Monday, July 28, 2014

Transgender woman gets $4,000 in settlement she claims smacks of unfairness

No one takes any blame in the mediated settlement the U.S. Department of Justice arranged recently between an Athens, TX, RV park owner and a transgender woman and her female partner who alleged discrimination.

In the settlement order dated July 9, George Toone, owner of Texan RV Park, continued to deny the discrimination allegations, but he agreed to pay Roxann Joganik and Darlina Anthony $4,000 to settle the case. Both the defendants and the complainants agreed in the settlement they would make no negative or critical comments of the other, and they agreed not to reveal any communications between them after reaching the agreement.

Joganik said that while she could not make any statements about the RV park owner, she criticized the Department of Justice for its handling of the case. Most discrimination cases get larger settlements, she claimed.

“I didn’t get a fair deal because I’m transgender,” Joganik said. “They don’t give a hoot.”

Joganik said she believes the average settlement in a discrimination case taken on by the Department of Justice would be at least three times what she received.

Joganik said she believed the federal employees who assisted her failed to “understand what it means to be transgender,” which led them to seek a quick, easy settlement.

The federal employees appeared to be as prejudiced against her as anyone else, Joganik said.

"I hate the Department of Justice," Joganik said. "I hope I never have to deal with them again."

The Department of Justice's website includes a section devoted to LGBTI individuals. It includes a quote from Asst. Attorney General Thomas E. Perez. "On an issue of basic equality and fundamental fairness for all Americans ... we have come too far in our struggle for equal justice under the law to remain silent or stoic when our LGBT brothers and sisters are still being mistreated and ostracized for reasons that have absolutely nothing to do with their skills or abilities and everything to do with myths, stereotypes, fear of the unknown and prejudice."

The media attention the case attracted led to Joganik's current landlord telling her not to allow a reporter to return to the RV park, she said. "It's hard for me to find a place to live," she said.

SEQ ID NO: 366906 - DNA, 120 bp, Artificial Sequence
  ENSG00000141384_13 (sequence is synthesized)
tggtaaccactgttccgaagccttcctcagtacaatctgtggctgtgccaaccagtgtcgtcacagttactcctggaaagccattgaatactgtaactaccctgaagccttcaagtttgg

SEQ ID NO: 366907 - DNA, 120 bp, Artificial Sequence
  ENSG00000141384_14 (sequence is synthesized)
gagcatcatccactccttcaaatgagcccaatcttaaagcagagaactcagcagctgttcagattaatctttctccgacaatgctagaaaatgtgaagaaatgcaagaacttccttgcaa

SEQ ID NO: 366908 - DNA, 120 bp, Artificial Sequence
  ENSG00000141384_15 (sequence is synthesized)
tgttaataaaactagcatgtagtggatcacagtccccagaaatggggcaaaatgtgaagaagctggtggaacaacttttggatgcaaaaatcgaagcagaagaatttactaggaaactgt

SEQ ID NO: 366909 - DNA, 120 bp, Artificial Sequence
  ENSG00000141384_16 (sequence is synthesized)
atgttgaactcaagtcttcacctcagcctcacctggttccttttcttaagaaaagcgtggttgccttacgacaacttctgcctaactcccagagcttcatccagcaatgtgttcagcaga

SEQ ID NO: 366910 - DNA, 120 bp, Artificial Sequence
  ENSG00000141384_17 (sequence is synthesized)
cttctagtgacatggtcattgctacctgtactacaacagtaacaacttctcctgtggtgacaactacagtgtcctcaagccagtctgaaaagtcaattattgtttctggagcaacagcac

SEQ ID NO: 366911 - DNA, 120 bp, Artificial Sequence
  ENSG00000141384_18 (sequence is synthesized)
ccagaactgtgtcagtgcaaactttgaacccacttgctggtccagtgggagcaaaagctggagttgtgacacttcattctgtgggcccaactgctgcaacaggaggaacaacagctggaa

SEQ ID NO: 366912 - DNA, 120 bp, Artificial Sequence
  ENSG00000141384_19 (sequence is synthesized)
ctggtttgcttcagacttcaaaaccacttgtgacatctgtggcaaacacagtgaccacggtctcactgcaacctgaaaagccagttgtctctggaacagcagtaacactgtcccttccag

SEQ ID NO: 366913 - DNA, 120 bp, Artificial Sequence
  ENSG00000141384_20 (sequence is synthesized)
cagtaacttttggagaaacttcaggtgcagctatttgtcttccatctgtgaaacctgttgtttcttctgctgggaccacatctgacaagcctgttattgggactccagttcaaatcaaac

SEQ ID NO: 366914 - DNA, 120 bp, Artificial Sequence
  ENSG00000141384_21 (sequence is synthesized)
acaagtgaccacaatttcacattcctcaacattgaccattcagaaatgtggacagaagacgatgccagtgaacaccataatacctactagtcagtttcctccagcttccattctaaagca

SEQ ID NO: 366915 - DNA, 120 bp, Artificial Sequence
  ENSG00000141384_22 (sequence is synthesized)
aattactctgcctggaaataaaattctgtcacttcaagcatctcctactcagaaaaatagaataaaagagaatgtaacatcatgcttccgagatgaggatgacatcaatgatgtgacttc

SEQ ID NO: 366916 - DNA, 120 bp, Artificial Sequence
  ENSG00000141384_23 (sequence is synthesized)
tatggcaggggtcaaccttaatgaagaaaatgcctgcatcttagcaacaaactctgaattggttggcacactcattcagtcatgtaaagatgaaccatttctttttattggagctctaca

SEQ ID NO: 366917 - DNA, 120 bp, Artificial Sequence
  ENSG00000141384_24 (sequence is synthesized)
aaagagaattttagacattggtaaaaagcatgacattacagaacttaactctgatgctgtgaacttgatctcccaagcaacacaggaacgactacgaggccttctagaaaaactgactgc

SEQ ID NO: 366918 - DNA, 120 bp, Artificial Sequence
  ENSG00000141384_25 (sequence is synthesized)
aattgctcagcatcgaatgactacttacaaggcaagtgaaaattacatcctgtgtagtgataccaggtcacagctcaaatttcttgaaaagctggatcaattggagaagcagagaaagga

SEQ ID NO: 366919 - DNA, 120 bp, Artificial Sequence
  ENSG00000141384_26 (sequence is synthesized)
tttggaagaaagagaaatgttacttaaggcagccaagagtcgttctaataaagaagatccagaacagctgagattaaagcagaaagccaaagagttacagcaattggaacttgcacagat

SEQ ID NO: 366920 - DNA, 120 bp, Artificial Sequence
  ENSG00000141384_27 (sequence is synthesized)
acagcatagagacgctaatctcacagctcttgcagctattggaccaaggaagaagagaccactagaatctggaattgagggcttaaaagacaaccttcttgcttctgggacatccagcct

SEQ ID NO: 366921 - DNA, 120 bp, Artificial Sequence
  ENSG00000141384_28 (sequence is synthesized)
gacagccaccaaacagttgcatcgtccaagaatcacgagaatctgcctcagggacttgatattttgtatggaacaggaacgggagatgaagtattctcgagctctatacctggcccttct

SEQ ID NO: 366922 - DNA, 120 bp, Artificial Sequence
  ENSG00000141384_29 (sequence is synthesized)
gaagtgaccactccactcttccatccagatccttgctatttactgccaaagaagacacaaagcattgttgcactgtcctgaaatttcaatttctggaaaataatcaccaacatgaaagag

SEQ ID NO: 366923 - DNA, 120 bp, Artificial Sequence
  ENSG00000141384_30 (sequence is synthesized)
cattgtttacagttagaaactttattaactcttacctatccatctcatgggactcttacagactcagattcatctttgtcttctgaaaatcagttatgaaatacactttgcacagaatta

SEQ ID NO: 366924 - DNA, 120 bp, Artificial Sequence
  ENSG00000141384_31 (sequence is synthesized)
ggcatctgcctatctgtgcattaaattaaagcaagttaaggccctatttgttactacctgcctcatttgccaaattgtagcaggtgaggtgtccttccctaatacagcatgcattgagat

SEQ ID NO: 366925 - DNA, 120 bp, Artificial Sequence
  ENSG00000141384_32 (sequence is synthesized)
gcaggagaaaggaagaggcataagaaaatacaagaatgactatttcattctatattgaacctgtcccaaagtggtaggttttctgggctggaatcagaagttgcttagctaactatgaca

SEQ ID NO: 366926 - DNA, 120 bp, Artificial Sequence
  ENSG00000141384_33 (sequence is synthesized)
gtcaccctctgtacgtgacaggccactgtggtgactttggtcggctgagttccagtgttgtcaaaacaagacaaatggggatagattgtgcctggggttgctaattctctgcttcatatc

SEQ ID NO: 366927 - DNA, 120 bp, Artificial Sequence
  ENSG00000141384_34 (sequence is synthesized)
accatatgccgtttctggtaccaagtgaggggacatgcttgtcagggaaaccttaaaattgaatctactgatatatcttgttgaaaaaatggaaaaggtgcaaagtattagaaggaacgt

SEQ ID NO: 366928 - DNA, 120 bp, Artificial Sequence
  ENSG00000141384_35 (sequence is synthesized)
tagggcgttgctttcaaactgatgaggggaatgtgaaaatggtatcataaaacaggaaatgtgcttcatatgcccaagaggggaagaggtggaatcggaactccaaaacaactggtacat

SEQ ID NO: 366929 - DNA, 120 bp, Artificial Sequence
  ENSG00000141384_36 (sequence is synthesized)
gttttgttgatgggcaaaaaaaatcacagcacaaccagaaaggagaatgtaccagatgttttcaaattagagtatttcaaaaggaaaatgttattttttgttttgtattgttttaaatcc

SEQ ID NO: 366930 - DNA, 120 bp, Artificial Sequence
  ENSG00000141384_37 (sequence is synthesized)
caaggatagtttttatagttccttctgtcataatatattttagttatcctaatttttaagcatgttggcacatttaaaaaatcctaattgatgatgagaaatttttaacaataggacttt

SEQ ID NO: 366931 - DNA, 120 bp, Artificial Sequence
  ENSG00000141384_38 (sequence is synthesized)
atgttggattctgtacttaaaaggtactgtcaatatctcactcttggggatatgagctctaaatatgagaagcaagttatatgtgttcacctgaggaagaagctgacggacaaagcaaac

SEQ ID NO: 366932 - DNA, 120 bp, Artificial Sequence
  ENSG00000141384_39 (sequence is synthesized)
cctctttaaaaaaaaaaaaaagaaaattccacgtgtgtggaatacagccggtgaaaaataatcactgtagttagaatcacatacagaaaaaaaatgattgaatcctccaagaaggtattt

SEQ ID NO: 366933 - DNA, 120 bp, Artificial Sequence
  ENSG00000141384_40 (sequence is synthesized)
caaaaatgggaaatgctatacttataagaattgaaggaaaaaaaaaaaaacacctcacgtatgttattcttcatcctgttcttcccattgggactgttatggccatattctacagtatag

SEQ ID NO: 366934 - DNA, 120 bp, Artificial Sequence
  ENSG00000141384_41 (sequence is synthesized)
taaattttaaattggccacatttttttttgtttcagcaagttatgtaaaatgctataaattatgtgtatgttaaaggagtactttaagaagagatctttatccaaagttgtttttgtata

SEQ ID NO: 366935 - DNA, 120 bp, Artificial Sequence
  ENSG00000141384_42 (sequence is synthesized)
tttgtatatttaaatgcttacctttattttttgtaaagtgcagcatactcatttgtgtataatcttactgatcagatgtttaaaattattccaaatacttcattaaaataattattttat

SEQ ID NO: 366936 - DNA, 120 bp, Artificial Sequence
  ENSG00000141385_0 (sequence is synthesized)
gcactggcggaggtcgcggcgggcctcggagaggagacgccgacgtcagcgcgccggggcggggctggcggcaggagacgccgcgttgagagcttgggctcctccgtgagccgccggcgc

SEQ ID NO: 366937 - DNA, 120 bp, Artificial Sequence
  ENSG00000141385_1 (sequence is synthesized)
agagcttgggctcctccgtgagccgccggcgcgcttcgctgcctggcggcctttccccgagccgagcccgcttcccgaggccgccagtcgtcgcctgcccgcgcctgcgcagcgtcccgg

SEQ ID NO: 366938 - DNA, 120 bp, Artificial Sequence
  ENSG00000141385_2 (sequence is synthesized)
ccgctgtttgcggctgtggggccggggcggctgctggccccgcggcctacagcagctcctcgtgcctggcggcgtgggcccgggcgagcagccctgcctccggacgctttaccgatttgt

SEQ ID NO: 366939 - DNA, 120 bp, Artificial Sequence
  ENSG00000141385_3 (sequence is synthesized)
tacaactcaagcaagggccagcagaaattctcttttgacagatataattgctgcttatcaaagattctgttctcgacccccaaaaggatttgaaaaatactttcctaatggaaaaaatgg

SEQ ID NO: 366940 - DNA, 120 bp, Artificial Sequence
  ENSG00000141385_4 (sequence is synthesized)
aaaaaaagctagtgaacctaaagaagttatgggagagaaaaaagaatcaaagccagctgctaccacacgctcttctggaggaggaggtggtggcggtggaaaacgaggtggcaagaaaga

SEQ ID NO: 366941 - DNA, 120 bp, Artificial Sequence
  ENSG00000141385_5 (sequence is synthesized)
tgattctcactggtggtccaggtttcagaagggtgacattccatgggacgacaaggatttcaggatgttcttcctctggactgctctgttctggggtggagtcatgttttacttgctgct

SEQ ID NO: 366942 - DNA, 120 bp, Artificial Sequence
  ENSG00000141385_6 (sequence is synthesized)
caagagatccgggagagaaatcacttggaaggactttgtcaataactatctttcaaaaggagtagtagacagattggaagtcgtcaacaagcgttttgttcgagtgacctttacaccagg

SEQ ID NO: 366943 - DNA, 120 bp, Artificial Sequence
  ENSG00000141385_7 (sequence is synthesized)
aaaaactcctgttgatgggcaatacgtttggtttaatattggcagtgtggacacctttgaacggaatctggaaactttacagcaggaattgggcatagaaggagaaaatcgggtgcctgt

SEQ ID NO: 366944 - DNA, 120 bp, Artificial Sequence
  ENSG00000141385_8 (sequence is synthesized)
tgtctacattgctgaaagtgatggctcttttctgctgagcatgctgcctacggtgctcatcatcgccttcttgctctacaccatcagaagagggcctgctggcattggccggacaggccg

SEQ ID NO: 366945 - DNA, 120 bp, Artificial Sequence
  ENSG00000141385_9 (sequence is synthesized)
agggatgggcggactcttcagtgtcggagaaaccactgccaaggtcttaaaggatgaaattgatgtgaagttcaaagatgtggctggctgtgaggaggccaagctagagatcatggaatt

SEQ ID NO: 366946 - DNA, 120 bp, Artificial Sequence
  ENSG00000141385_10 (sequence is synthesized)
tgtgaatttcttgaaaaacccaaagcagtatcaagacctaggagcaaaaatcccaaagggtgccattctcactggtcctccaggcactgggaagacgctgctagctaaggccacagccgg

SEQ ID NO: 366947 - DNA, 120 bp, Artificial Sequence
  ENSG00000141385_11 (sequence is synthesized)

Joganik is now living in her third RV park since she began her transition from male to female.

The Department of Housing and Urban Development issued a charge of discrimination in August against the Athens RV park owner after investigating a complaint by the transgender woman and her female partner who now live in Seven Points.

The action was believed to be one of the first few investigations by HUD to proceed to the trial stage since the federal agency adopted a new policy in March 2012 banning discrimination against LGBT people.

If the charge of discrimination had been upheld in a federal administrative hearing or a U.S. federal district court the park owner could have been fined $16,000 and been required to reimburse the complainants for damages. The damages could have included moving expenses and compensation for emotional distress.

Joganik and Anthony filed the complaint in the summer of 2012 against George and Amy Toone and In Toone Services, LLC, owners of Texan RV Park on Highway 175 West in Athens. The complainants alleged that the Toones discriminated against them on the basis of sex on May 15, 2012, and again on Aug. 18, 2012.

After the park owner refused to accept a rent payment from them and successfully pursued an eviction in now-deceased Justice of the Peace Henry S. Ashford's court in Henderson County, Joganik offered to move to her son's residence so Anthony could remain, according to the couple. The park owner again refused to accept the rent payment, leading to the dual charge, they said.